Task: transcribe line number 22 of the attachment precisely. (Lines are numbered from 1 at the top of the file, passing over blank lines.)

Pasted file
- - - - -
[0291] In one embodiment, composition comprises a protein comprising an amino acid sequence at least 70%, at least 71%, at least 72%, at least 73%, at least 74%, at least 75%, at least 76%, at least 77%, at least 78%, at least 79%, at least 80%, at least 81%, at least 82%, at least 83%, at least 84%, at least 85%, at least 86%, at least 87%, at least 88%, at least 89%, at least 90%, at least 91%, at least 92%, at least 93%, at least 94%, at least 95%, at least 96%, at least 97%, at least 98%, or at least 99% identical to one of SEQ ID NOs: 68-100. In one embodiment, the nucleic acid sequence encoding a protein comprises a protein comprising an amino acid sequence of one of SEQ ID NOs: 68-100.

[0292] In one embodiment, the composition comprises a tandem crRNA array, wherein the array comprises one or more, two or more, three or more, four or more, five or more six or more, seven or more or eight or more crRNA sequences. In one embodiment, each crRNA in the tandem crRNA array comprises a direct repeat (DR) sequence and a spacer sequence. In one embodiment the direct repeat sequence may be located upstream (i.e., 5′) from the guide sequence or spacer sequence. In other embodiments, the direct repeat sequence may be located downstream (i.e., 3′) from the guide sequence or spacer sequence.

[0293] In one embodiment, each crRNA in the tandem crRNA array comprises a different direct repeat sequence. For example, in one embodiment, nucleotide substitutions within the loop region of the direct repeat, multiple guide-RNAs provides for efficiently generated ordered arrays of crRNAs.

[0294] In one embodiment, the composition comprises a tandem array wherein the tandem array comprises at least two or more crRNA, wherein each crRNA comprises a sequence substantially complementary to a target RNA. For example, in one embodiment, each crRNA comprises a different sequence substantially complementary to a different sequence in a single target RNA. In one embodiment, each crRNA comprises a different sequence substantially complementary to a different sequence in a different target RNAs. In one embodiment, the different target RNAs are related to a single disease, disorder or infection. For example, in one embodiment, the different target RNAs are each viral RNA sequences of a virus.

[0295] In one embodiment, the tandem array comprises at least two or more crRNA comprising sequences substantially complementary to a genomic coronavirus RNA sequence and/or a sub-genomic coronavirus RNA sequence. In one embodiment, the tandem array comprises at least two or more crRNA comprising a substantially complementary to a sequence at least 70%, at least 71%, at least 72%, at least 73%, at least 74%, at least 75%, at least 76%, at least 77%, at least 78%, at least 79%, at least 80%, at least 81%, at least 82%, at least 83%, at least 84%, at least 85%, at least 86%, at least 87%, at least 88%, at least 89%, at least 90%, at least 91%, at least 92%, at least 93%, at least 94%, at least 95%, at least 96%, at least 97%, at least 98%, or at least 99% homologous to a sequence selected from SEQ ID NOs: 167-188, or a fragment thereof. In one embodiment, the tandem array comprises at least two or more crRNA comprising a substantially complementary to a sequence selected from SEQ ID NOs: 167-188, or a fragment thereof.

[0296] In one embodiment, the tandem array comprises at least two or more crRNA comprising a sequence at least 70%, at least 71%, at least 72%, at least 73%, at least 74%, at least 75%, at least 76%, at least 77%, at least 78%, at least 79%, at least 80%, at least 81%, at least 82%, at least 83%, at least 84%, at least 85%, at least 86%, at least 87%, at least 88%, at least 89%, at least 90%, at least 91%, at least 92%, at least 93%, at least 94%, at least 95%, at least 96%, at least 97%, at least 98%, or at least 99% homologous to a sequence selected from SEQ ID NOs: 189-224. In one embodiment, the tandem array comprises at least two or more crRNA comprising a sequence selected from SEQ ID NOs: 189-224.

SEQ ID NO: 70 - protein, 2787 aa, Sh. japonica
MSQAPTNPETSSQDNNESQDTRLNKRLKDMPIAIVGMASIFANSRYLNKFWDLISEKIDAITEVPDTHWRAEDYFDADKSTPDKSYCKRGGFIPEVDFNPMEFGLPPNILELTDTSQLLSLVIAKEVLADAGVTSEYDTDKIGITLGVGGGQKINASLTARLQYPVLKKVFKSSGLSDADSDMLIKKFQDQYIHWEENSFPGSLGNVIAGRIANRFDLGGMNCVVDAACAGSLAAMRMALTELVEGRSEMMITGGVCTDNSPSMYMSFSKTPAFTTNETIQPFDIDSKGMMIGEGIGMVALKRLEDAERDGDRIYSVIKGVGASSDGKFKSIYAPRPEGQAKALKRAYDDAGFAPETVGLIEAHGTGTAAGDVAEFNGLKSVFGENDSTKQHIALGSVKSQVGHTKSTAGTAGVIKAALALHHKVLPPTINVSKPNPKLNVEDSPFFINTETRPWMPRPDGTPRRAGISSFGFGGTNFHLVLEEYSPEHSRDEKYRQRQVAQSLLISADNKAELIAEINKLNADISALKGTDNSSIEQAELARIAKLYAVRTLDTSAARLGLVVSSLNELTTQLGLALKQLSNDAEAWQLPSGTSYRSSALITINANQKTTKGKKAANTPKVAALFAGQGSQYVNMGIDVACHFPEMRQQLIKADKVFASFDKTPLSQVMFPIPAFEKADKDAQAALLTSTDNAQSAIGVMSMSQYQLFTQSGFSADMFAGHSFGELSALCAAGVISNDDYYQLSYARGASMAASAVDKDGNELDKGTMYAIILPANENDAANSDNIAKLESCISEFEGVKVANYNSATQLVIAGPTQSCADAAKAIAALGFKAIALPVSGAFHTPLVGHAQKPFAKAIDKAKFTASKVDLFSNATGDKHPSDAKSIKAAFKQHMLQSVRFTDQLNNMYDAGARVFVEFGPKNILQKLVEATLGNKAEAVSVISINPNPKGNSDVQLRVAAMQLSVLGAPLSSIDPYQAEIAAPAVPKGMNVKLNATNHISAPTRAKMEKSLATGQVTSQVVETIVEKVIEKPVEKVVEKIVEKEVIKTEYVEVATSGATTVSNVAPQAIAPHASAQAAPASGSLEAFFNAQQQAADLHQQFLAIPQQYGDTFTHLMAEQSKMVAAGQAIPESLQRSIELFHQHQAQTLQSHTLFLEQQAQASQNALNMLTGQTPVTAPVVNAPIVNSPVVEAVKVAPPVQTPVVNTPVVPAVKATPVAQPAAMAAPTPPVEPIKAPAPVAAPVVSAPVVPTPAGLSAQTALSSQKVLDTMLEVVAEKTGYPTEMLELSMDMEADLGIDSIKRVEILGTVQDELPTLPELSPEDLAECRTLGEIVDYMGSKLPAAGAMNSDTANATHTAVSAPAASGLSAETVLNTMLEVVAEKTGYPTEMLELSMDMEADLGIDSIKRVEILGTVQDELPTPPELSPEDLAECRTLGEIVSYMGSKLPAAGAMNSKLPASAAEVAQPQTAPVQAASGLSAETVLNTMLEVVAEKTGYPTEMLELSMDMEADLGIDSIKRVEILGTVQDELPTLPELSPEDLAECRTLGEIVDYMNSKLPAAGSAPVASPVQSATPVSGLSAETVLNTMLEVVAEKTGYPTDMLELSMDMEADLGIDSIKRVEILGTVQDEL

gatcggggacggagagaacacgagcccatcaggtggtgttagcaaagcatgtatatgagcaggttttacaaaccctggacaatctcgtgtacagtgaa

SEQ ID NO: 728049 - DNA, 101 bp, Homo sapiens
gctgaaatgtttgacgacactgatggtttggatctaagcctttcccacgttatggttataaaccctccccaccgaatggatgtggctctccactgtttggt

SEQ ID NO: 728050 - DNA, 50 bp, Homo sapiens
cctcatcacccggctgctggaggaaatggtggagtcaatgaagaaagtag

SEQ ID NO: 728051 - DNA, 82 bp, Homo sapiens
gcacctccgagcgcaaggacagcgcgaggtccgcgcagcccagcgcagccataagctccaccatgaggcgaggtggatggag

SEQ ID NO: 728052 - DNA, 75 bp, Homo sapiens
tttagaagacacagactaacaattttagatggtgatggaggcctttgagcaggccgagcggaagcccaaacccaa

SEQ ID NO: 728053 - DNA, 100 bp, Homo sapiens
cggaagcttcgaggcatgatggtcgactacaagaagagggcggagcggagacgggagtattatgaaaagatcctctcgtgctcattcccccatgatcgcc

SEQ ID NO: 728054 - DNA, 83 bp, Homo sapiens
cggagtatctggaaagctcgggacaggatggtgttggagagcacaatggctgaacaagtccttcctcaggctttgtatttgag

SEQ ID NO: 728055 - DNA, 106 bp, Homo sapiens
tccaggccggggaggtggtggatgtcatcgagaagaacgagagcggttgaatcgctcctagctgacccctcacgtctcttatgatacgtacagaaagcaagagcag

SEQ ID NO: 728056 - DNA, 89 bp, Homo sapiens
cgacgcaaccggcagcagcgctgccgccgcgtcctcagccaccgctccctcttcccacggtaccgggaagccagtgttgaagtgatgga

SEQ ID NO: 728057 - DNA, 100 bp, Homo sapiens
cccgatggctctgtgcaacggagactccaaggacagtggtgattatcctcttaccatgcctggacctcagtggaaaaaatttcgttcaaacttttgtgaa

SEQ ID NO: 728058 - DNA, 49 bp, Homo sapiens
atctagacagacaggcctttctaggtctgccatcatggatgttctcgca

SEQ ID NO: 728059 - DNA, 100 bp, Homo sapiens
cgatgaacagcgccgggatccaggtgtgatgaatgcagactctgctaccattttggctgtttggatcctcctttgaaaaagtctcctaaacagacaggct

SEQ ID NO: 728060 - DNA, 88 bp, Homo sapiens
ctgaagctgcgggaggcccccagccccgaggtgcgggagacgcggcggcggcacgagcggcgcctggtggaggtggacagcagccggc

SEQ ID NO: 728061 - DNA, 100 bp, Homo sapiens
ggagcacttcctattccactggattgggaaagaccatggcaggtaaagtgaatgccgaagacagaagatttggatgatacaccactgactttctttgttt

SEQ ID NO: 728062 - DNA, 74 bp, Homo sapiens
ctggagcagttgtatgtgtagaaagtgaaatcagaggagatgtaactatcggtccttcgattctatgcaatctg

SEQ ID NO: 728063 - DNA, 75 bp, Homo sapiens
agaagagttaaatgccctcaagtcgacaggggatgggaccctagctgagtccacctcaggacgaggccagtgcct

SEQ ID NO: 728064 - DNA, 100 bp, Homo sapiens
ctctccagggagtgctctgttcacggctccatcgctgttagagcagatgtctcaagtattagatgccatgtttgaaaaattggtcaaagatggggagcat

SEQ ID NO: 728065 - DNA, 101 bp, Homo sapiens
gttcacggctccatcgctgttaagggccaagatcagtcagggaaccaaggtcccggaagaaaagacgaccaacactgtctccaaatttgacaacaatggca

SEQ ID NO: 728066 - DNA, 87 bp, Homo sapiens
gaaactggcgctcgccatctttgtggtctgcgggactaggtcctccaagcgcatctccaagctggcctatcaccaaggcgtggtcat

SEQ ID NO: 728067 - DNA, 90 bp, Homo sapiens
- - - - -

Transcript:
SEQ ID NO: 728055 - DNA, 106 bp, Homo sapiens